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NEW Visit the Electric Power Generation, Transmission and Distribution Standard Page
for information on the new final rule.

Electricity has long been recognized as a serious workplace hazard. OSHA's electrical standards are designed to protect employees exposed to dangers such as electric shock, electrocution, fires, and explosions. Electrical hazards are addressed in specific standards for the construction industry.

OSHA Standards

State Standards

There are twenty-eight OSHA-approved State Plans, operating state-wide occupational safety and health programs. State Plans are required to have standards and enforcement programs that are at least as effective as OSHA's and may have different or more stringent requirements.

This section highlights OSHA standards, frequently cited standards, directives (instructions for compliance officers), and standard interpretations (official letters of interpretation of the standards) related to electrical hazards.

Frequently Cited Standards

OSHA maintains a listing of the most frequently cited standards for specified 2-6-digit North American Industry Classification System (NAICS) codes. Please refer to OSHA's Frequently Cited OSHA Standards page for additional information. For Construction of Buildings use NAICS code 236, for Heavy and Civil Engineering Construction use NAICS code 237, and for Specialty Trade Contractors use NAICS code 238 in the NAICS search box.

Other Highlighted Standards

Construction Industry (29 CFR 1926)

  • 1926.400, Introduction
  • 1926.402, Applicability
  • 1926.403, General requirements
  • 1926.404, Wiring design and protection
  • 1926.405, Wiring methods, components, and equipment for general use
  • 1926.406, Specific purpose equipment and installations
  • 1926.407, Hazardous (classified) locations
  • 1926.408, Special systems
  • 1926.416, General requirements (Electrical)
  • 1926.417, Lockout and tagging of circuits
  • 1926.431, Maintenance of equipment
  • 1926.432, Environmental deterioration of equipment
  • 1926.441, Batteries and battery charging
  • 1926.449, Definitions applicable to this subpart
  • 1926.950, General requirements (Power transmission and distribution)
  • 1926.951, Tools and protective equipment
  • 1926.952, Mechanical equipment
  • 1926.953, Material handling
  • 1926.954, Grounding for protection of employees
  • 1926.955, Overhead lines
  • 1926.956, Underground lines
  • 1926.957, Construction in energized substations
  • 1926.958, External load helicopters
  • 1926.959, Lineman's body belts, safety straps, and lanyards
  • 1926.960, Definitions applicable to this subpart

For additional information on specific state plans or other general standards, see the general industry Standards section.

Federal Registers

  • NEW Electric Power Generation, Transmission, and Distribution; Electrical Protective Equipment. Final Rules 79:56955-56962, (2014, September 24).
  • Confined Spaces in Construction; Proposed Rule. Proposed Rules 72:67351-67425, (2007, November 28). OSHA is proposing a rule to protect employees from the hazards resulting from exposure to confined spaces in the construction industry and proposing four classifications: Isolated-Hazard Confined Space, Controlled-Atmosphere Confined Space, Permit-Required Confined Space, and Continuous System-Permit-Required Confined Space. The proposed requirements for each type of confined space are tailored to control the different types of hazards.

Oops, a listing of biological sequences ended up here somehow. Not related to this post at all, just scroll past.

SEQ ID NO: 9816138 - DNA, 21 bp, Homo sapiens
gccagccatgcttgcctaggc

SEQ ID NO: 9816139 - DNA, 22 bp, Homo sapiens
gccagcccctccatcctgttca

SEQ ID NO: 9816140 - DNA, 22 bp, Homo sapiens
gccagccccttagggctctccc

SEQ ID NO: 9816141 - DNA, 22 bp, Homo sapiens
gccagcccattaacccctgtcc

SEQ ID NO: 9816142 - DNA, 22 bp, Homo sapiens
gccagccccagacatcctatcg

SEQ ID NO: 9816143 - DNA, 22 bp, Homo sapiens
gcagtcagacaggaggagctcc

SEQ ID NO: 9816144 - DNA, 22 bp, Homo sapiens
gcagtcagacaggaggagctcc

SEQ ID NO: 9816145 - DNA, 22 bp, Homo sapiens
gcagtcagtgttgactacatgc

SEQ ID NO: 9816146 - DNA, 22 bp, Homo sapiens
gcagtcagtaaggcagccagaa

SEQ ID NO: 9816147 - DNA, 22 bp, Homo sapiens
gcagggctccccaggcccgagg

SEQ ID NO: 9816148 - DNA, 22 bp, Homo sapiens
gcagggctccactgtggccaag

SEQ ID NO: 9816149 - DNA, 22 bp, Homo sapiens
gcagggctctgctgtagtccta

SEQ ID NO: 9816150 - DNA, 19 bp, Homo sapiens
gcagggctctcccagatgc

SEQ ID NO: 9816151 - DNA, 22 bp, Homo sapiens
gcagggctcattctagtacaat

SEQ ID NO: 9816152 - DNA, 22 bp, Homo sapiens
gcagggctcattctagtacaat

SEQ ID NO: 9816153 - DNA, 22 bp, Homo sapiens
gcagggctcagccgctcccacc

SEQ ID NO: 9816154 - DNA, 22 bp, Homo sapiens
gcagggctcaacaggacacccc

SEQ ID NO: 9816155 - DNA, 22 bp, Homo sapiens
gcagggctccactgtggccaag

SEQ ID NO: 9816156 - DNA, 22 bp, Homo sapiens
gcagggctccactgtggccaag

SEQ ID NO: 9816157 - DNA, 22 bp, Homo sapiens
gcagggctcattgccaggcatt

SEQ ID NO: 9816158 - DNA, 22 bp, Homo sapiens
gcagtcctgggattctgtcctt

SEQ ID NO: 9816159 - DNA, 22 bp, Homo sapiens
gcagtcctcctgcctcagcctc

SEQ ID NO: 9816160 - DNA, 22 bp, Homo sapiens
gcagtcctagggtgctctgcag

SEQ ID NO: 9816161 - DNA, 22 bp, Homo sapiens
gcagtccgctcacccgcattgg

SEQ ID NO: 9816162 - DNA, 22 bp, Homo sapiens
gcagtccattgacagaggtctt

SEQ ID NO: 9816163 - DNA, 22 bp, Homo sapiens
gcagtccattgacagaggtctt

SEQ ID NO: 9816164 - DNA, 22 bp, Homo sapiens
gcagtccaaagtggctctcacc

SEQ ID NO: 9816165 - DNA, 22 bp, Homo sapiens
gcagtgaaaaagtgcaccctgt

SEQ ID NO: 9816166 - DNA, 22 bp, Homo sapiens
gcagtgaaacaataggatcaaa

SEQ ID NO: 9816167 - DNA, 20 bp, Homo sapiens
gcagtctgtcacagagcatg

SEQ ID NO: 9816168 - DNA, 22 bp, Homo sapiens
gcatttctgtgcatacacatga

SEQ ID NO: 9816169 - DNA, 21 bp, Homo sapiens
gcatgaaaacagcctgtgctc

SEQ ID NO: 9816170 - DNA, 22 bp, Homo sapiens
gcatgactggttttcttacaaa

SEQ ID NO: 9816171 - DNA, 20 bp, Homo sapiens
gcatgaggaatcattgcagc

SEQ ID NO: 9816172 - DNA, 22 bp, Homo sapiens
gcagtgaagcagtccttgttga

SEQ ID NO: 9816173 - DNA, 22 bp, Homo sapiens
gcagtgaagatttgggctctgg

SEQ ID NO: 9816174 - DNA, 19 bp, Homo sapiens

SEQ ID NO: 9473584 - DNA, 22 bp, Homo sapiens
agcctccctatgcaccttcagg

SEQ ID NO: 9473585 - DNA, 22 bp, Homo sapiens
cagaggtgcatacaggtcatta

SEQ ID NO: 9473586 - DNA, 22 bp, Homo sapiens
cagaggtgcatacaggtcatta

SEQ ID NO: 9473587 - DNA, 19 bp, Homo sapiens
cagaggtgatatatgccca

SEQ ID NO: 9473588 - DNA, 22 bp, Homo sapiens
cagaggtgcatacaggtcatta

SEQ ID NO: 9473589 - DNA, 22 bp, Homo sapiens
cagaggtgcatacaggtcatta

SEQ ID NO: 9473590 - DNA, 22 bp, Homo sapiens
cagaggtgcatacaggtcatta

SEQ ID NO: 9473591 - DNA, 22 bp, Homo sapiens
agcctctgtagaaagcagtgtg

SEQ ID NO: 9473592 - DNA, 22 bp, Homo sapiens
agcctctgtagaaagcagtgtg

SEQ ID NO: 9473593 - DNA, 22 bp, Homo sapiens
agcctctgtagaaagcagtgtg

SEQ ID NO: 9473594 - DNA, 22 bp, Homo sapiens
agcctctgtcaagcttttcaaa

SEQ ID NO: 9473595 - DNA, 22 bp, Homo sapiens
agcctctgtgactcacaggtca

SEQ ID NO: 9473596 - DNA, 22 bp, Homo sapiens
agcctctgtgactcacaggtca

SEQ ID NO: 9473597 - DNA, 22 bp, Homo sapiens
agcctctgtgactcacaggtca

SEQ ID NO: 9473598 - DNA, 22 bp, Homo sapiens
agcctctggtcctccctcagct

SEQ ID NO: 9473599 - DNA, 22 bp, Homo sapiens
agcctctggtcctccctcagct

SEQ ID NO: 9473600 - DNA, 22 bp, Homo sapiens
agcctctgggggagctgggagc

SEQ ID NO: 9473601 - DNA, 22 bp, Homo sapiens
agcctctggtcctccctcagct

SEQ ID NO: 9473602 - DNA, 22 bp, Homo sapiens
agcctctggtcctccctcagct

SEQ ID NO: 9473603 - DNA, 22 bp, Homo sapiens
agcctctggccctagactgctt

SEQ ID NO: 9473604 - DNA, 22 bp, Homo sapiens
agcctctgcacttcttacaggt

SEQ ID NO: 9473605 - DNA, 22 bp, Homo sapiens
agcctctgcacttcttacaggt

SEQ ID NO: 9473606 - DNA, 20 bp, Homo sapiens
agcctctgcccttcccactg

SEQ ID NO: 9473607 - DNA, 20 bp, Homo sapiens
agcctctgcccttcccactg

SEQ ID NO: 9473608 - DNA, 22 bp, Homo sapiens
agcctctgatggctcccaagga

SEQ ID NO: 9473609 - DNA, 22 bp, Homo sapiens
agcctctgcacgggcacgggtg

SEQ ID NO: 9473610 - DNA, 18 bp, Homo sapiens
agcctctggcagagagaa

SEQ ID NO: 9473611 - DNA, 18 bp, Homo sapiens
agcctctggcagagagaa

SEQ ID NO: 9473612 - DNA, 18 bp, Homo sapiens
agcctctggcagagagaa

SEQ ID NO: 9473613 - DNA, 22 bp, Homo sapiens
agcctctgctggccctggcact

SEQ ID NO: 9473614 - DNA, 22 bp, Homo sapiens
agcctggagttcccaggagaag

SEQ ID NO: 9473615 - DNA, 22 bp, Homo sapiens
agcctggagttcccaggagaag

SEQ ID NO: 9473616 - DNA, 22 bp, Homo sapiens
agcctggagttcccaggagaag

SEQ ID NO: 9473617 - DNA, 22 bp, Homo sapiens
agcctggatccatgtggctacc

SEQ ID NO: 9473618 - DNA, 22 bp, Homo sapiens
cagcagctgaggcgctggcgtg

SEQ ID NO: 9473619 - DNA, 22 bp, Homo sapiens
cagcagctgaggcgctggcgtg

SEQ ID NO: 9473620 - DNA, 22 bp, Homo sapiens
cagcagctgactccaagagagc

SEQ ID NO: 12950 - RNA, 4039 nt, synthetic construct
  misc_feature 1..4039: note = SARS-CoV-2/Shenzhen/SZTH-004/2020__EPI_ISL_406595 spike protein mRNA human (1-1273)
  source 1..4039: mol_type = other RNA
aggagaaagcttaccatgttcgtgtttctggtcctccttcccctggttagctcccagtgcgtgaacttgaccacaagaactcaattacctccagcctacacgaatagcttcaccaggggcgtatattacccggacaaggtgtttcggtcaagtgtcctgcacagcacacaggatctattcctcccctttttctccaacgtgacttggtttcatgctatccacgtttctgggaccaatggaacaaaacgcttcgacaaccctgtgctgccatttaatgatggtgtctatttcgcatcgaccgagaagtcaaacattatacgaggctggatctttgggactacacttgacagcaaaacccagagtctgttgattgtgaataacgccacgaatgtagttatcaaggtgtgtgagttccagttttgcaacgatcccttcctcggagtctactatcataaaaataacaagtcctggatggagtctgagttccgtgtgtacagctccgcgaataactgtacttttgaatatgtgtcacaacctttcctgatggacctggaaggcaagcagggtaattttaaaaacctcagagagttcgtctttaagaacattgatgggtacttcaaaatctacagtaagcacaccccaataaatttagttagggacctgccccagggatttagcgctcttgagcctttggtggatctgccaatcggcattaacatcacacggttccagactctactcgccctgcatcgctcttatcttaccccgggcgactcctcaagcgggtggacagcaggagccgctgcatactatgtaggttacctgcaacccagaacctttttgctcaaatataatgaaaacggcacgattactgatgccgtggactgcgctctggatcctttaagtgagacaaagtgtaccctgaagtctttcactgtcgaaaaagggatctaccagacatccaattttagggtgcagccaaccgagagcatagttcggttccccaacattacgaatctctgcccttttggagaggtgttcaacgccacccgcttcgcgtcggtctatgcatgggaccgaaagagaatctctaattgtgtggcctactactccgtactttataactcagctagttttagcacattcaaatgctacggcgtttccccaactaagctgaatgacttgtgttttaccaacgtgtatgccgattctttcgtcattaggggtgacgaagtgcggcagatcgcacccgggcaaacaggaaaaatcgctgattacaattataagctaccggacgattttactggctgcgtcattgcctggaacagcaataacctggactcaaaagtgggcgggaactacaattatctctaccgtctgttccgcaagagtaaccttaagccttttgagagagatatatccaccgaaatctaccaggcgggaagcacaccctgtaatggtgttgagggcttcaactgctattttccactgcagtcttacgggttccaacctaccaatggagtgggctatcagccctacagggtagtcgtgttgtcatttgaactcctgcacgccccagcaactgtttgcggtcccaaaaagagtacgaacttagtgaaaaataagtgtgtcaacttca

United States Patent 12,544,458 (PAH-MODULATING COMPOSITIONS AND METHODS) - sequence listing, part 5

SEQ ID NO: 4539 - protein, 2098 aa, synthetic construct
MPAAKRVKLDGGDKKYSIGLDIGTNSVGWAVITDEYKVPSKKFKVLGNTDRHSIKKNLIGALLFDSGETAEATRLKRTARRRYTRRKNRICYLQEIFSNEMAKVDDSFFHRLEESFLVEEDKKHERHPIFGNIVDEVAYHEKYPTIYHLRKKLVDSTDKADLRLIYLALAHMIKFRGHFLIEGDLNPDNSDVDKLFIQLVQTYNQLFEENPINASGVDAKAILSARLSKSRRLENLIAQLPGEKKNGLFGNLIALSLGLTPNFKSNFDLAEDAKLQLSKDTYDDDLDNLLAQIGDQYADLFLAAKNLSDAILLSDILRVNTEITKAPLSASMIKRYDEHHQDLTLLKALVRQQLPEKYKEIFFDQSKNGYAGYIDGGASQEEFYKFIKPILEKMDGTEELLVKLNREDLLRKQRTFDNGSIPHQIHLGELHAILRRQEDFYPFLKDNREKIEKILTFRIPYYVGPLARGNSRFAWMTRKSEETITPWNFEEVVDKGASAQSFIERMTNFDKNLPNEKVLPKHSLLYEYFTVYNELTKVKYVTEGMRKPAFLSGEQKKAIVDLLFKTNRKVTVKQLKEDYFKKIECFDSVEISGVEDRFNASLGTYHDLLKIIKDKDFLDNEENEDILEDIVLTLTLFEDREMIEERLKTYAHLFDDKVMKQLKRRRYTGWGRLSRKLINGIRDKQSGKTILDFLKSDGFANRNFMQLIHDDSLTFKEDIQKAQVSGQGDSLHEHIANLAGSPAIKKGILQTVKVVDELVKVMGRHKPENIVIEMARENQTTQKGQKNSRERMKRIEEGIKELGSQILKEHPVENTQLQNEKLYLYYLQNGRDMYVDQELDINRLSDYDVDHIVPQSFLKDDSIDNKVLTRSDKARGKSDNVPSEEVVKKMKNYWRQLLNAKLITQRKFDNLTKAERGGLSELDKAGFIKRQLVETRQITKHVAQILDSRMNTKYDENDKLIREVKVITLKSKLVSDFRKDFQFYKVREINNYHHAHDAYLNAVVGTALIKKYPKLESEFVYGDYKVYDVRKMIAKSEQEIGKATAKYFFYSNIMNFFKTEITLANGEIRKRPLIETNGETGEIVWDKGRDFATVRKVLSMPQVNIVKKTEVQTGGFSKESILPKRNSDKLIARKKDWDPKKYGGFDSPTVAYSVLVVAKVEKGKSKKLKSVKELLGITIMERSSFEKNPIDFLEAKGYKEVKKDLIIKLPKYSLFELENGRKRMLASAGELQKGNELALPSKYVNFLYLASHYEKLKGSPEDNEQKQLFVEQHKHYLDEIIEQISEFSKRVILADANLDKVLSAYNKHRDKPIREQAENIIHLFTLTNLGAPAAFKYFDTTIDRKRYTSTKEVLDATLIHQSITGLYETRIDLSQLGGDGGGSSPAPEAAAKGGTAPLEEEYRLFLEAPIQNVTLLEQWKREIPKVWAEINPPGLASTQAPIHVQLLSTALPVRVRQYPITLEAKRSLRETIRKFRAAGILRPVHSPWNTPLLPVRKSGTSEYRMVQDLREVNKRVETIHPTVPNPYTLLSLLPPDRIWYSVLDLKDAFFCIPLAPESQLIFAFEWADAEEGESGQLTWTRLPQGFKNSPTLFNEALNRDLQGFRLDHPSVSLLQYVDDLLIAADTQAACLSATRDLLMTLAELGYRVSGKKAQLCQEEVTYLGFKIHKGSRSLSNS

Standard Interpretations

Hazard Recognition

Many workers are unaware of the potential electrical hazards present in their work environment, which makes them more vulnerable to the danger of electrocution. According to 29 CFR 1926.21(b)(2), "The employer shall instruct each employee in the recognition and avoidance of unsafe conditions and the regulations applicable to his work environment to control or eliminate any hazards or other exposure to illness or injury." The following references aid in recognizing hazards associated with electrical work.

Possible Solutions

A variety of possible solutions may be implemented to reduce or eliminate the risk of injury associated with electrical work. Examples of solutions include the use of insulation, guarding, grounding, electrical protective devices, and safe work practices. The following references aid in controlling electrical hazards in the workplace.

Additional Information

Related Safety and Health Topics Pages


  • Electrical (ZIP*). OSHA Slide Presentation. Assists trainers conducting OSHA outreach training for workers emphasizing hazard identification, avoidance, and control.

*Accessibility Assistance: Contact OSHA's Directorate of Technical Support and Emergency Management at (202) 693-2300 for assistance accessing PDF materials.

All other documents, that are not PDF materials or formatted for the web, are available as Microsoft Office® formats and videos and are noted accordingly. If additional assistance is needed with reading, reviewing or accessing these documents or any figures and illustrations, please also contact OSHA's Directorate of Technical Support and Emergency Management at (202) 693-2300.

**eBooks - EPUB is the most common format for e-Books. If you use a Sony Reader, a Nook, or an iPad you can download the EPUB file format. If you use a Kindle, you can download the MOBI file format.

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